My ideal, simple life doesn't involve first-class flights, tonnes of unique experiences, or any fancy possessions, it does however involve a lot of time spent in nature.
Ideally, I'd want to spend 2-3 hours outdoors, this could be walking with my partners, playing with the kids, or just spending some time alone walking, biking or riding through the local scenery. The best thing. This is an activity that costs nothing.
The reason I value creating wealth highly is that it allows you to be generous. If you are wealthy you can be generous with your cash, but more importantly, you can be generous with your time. If you are working like a slave, out of financial need, you are going to have to be quite stingy with your time for other people. Perhaps this is acceptable when you are young, but as soon as you have others who depend on you I don't think it's any longer acceptable to not give them your most valuable resource - time.
One interesting insight you can take from reading the classics, the stoics and alike is the amount of time that parents spent teaching their kids about the world. I think it's a real shame that in our current culture we think the educational system will just take care of our kids learning needs. Without going on a rant on the current educational system, my belief is that it's generally pretty flawed. Its main use is one of socialisation and childcare, rather than education. From personal experience, I learned a lot more about business from talking to my dad than I did from any AQA approved qualification at school.
It seems most parents teach their children through example, and maybe the odd ad-hoc lesson, I'm not denying this kind of schooling isn't important, but why stop there? Why not take an hour a day to work with your children on interesting problems. Why not take a more structured approach to educating them? If you can be generous with your time you could put together a great learning programme, covering topics that schools do a poor job of teaching, whether this is financial planning, risk/reward profiles, critical thinking, or exploring the mechanics of how things work.
I think this would be an incredibly fulfilling and interesting way to spend an hour a day. Your kid might hate it at the time, but over time I'm sure it would contribute to a great relationship, and help them out massively.
One problem with the modern version of what a good life looks like is there is a strong bias towards novel, exotic experiences. Instagramable holidays, fancy restaurants, extreme sports. I don't think enough people stop to question what they actually enjoy doing right now. I know I didn't. When thinking about your ideal life it's easy to imagine your daily routine as one that's fundamentally different to your current one.
The thing is, there's a reason I do a lot of the stuff I'm doing now, it's because I enjoy it. When thinking about a future life, perhaps it's helpful to just think about doing less of the stuff you don't enjoy, and more of the stuff you do enjoy, rather than feeling the need to add any crazy hobbies or pursuits.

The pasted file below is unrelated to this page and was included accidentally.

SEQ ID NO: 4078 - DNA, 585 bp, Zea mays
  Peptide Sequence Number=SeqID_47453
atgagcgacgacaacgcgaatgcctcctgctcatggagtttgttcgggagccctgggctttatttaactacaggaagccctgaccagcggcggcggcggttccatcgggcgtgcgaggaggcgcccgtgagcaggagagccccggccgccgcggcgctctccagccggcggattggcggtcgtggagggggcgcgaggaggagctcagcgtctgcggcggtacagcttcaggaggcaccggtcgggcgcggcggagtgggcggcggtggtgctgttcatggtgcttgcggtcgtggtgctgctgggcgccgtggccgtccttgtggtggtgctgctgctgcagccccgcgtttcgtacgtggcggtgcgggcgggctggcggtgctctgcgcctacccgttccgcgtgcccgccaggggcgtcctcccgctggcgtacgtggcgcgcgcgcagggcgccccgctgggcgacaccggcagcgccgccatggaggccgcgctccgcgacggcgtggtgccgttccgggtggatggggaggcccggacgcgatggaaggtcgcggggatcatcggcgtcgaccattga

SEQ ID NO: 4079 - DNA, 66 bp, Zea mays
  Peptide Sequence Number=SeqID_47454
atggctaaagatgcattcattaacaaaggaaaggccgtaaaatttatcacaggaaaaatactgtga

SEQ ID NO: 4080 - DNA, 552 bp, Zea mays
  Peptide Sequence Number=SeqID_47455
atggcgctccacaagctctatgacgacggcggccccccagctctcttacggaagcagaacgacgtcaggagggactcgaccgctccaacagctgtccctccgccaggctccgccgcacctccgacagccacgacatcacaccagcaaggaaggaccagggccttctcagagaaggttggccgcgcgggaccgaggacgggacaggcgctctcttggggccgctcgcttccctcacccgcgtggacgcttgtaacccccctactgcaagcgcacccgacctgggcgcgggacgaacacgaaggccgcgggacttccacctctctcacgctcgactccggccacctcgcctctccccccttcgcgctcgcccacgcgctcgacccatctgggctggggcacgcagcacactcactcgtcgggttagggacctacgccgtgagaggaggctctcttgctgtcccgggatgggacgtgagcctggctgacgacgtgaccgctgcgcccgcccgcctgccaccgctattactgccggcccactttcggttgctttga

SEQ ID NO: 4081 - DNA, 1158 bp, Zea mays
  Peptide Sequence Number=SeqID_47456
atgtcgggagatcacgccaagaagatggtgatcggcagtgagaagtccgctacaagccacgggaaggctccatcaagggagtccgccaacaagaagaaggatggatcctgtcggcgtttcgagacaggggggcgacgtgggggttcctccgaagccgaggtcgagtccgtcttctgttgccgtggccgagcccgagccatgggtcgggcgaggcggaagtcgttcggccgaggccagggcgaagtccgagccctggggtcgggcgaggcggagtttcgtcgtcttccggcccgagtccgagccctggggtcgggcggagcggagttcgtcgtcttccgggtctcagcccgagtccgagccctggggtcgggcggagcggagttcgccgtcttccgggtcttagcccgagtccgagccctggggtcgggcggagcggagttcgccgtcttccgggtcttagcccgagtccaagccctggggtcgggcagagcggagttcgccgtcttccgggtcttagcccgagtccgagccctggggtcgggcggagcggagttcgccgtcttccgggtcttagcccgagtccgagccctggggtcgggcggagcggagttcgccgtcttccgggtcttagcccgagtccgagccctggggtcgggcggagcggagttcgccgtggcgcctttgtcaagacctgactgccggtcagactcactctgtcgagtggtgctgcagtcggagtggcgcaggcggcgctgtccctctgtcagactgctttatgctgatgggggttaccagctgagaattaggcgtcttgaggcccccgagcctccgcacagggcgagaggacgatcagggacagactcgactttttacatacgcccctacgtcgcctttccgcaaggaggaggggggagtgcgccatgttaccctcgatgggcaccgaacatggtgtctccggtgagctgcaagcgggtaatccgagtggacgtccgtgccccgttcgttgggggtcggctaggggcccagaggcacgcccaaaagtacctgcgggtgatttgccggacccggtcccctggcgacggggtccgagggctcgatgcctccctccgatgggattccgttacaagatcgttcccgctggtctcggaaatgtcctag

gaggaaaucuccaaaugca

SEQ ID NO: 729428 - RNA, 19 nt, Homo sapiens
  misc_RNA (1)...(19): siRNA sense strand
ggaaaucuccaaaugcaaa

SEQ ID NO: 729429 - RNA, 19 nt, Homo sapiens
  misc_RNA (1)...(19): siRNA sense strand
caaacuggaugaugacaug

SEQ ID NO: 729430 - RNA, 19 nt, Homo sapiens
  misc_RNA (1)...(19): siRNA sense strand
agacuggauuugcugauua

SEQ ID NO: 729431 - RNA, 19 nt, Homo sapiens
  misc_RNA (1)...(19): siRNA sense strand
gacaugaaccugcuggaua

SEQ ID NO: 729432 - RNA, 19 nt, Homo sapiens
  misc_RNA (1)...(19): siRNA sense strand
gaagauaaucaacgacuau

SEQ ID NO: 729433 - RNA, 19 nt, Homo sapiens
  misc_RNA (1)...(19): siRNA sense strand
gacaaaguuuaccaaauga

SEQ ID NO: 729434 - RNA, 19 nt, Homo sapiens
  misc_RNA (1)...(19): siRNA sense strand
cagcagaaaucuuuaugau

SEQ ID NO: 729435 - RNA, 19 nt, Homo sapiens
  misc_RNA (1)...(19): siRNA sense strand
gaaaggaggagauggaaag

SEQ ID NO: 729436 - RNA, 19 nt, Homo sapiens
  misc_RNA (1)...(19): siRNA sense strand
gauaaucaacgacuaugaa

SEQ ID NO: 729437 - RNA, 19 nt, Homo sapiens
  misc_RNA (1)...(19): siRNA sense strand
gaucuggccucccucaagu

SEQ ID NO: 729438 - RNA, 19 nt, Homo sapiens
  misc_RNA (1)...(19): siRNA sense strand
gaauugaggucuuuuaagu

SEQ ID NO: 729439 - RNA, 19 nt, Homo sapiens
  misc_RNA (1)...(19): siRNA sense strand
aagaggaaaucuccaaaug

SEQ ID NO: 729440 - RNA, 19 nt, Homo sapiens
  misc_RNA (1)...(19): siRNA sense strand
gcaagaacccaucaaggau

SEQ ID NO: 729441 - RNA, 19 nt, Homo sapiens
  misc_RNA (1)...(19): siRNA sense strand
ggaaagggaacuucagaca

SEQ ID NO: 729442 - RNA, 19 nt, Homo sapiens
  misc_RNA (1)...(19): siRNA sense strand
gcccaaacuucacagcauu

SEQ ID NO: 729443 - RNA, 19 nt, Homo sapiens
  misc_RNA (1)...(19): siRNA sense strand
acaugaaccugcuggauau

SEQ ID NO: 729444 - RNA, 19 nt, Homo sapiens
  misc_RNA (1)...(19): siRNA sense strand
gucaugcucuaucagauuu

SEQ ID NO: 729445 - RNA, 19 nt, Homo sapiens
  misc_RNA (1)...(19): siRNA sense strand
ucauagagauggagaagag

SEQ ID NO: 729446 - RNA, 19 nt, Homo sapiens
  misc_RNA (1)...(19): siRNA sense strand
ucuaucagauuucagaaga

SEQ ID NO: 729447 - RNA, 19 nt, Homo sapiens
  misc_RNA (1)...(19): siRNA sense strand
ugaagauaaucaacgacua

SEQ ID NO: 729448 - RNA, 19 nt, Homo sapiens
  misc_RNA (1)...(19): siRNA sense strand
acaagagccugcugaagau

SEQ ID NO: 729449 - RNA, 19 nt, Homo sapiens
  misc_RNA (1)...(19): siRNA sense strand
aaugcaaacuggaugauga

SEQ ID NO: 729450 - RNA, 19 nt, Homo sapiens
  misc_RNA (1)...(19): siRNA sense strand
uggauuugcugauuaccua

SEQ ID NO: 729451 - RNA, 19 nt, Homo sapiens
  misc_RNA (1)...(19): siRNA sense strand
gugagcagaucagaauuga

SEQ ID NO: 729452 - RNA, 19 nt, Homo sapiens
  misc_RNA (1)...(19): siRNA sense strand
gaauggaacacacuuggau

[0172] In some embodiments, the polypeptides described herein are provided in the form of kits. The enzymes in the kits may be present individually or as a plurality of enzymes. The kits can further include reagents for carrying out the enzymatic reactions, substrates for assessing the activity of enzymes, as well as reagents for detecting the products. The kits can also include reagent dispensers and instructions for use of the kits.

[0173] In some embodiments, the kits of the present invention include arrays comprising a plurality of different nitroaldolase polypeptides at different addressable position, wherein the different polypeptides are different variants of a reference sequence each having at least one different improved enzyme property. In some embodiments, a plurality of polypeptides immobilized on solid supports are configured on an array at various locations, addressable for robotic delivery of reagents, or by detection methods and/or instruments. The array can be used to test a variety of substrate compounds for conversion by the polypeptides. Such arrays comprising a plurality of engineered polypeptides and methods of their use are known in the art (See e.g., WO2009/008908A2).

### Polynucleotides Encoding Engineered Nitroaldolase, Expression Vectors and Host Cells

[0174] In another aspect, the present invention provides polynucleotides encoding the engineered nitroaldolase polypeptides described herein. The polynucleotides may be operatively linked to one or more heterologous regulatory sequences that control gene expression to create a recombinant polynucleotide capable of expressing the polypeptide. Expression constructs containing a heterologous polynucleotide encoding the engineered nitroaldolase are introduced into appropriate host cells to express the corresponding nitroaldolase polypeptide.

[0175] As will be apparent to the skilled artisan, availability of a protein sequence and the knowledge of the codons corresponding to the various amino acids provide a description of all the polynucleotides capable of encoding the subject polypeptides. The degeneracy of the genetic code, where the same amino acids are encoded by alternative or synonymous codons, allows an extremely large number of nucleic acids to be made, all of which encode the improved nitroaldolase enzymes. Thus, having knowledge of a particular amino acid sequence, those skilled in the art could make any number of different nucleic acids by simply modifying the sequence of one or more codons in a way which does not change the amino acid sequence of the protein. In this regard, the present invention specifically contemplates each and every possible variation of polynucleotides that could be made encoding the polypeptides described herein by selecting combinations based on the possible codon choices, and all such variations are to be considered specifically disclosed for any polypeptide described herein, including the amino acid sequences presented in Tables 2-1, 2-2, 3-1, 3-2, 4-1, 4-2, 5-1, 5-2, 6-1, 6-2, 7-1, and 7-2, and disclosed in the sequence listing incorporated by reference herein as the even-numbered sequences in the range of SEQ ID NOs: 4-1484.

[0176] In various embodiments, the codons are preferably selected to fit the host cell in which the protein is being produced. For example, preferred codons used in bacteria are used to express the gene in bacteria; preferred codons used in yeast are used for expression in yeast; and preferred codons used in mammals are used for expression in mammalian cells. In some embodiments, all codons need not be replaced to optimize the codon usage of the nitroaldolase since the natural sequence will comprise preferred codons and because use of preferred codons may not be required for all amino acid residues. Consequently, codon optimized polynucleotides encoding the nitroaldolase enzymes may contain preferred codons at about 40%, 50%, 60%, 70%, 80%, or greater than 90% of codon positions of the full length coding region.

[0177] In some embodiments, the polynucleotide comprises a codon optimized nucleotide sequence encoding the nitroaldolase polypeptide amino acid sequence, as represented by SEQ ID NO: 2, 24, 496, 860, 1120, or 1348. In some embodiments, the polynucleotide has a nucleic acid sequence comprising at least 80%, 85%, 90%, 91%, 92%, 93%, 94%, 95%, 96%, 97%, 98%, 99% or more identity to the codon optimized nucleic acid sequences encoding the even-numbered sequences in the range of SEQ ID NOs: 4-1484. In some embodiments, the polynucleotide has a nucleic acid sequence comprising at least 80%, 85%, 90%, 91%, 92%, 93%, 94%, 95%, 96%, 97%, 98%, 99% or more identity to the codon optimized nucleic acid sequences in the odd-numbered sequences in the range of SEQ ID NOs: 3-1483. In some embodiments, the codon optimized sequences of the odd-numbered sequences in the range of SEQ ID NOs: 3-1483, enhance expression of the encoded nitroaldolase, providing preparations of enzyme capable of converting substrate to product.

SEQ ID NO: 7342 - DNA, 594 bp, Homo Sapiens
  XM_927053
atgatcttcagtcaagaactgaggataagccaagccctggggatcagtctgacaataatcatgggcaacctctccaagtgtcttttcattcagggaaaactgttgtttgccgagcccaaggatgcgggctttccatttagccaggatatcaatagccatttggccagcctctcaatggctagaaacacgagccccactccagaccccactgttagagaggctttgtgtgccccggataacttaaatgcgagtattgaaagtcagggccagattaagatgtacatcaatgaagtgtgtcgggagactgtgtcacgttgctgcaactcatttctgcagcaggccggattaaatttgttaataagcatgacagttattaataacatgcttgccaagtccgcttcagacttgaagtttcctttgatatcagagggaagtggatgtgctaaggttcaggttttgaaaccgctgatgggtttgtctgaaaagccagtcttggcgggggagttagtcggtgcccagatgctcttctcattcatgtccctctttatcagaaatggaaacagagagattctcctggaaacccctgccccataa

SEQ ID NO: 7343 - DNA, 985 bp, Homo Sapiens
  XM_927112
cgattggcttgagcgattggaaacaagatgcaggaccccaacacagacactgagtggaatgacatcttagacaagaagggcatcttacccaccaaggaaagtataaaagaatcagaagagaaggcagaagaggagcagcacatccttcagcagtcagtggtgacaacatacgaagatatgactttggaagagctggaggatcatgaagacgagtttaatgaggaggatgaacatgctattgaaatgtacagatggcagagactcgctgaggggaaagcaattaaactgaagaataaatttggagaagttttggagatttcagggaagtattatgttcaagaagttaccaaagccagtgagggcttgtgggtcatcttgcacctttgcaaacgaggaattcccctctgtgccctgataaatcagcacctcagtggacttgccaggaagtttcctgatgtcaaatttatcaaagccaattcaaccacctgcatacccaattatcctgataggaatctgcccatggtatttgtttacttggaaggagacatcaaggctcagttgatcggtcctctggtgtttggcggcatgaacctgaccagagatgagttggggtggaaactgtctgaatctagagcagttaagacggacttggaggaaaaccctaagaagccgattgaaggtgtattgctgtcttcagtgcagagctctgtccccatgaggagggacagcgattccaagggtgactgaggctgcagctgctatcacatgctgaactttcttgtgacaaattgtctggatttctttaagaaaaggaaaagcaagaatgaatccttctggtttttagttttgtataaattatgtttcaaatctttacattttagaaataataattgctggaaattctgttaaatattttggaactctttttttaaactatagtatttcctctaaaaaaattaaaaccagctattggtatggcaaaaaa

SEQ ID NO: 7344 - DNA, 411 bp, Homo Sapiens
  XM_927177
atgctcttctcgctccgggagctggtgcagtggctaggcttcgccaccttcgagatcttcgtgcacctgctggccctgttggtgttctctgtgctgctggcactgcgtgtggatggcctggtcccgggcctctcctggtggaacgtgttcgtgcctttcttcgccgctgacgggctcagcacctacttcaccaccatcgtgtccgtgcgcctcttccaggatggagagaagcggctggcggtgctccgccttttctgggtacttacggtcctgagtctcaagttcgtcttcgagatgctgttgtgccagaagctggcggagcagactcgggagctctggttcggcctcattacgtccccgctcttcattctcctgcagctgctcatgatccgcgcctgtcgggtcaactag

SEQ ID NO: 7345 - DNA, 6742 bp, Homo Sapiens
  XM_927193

I love reading. I love writing (badly). I love working out, and I love having conversations with friends. I love riding my motorbike and cooking (as long as I'm not in a rush). These are all simple things. Simple things are often cheap. One of the benefits of going through this exercise of visualising what a good life would look like to you, is that you start to understand that it's probably not massively different from the life you are living. This lowers your financial expectations and more importantly, helps you appreciate the time you spend on activities you do now, that would be part of your idealised life.
I don't think we need to reinvent the wheel when thinking about what a good life is. There's a reason nearly everyone has kids – they are a reliable way to add value to your life. There's a reason people get married, it's a reliable way to gain satisfaction, knowing you have a partner you can grow with and tackle problems together. There's also a reason you have a load of hobbies and interests, it's something you enjoy, probably in an ideal life, you are just doing these things more.
Once you have some guiding principles for a good life, you can start to take some steps today to get there. If you don't have guiding principles, you are going to end up aiming at the wrong thing. You'll arrive at 'success' in 10 years time, and realise it wasn't even something you wanted. What a waste.
The rich text element allows you to create and format headings, paragraphs, blockquotes, images, and video all in one place instead of having to add and format them individually. Just double-click and easily create content.
A rich text element can be used with static or dynamic content. For static content, just drop it into any page and begin editing. For dynamic content, add a rich text field to any collection and then connect a rich text element to that field in the settings panel. Voila!
Headings, paragraphs, blockquotes, figures, images, and figure captions can all be styled after a class is added to the rich text element using the "When inside of" nested selector system.